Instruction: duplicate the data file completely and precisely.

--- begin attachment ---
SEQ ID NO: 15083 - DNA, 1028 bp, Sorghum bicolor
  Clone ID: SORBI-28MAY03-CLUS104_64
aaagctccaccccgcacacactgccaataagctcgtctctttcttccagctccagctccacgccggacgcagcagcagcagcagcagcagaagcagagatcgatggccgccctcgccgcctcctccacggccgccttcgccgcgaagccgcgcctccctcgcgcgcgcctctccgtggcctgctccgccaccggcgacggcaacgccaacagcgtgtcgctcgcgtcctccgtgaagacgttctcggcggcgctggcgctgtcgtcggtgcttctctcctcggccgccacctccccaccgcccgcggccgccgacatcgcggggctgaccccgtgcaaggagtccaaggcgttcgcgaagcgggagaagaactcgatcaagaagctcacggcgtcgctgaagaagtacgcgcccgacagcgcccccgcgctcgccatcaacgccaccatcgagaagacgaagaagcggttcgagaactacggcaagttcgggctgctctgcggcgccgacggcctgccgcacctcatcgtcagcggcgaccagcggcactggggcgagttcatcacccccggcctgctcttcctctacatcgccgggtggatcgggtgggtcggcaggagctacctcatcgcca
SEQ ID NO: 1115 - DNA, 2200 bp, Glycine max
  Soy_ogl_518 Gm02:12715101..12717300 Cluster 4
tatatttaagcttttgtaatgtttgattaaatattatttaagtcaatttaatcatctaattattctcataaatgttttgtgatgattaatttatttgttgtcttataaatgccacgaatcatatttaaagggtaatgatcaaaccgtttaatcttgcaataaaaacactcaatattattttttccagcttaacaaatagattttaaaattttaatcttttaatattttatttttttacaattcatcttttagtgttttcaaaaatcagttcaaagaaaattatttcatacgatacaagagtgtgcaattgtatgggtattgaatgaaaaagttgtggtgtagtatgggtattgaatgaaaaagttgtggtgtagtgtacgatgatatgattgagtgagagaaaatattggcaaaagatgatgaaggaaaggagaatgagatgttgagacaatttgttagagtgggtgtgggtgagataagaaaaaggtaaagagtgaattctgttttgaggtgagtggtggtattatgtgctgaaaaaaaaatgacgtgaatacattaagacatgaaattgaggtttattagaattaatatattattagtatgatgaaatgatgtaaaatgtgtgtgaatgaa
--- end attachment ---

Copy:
SEQ ID NO: 15083 - DNA, 1028 bp, Sorghum bicolor
  Clone ID: SORBI-28MAY03-CLUS104_64
aaagctccaccccgcacacactgccaataagctcgtctctttcttccagctccagctccacgccggacgcagcagcagcagcagcagcagaagcagagatcgatggccgccctcgccgcctcctccacggccgccttcgccgcgaagccgcgcctccctcgcgcgcgcctctccgtggcctgctccgccaccggcgacggcaacgccaacagcgtgtcgctcgcgtcctccgtgaagacgttctcggcggcgctggcgctgtcgtcggtgcttctctcctcggccgccacctccccaccgcccgcggccgccgacatcgcggggctgaccccgtgcaaggagtccaaggcgttcgcgaagcgggagaagaactcgatcaagaagctcacggcgtcgctgaagaagtacgcgcccgacagcgcccccgcgctcgccatcaacgccaccatcgagaagacgaagaagcggttcgagaactacggcaagttcgggctgctctgcggcgccgacggcctgccgcacctcatcgtcagcggcgaccagcggcactggggcgagttcatcacccccggcctgctcttcctctacatcgccgggtggatcgggtgggtcggcaggagctacctcatcgcca
SEQ ID NO: 1115 - DNA, 2200 bp, Glycine max
  Soy_ogl_518 Gm02:12715101..12717300 Cluster 4
tatatttaagcttttgtaatgtttgattaaatattatttaagtcaatttaatcatctaattattctcataaatgttttgtgatgattaatttatttgttgtcttataaatgccacgaatcatatttaaagggtaatgatcaaaccgtttaatcttgcaataaaaacactcaatattattttttccagcttaacaaatagattttaaaattttaatcttttaatattttatttttttacaattcatcttttagtgttttcaaaaatcagttcaaagaaaattatttcatacgatacaagagtgtgcaattgtatgggtattgaatgaaaaagttgtggtgtagtatgggtattgaatgaaaaagttgtggtgtagtgtacgatgatatgattgagtgagagaaaatattggcaaaagatgatgaaggaaaggagaatgagatgttgagacaatttgttagagtgggtgtgggtgagataagaaaaaggtaaagagtgaattctgttttgaggtgagtggtggtattatgtgctgaaaaaaaaatgacgtgaatacattaagacatgaaattgaggtttattagaattaatatattattagtatgatgaaatgatgtaaaatgtgtgtgaatgaa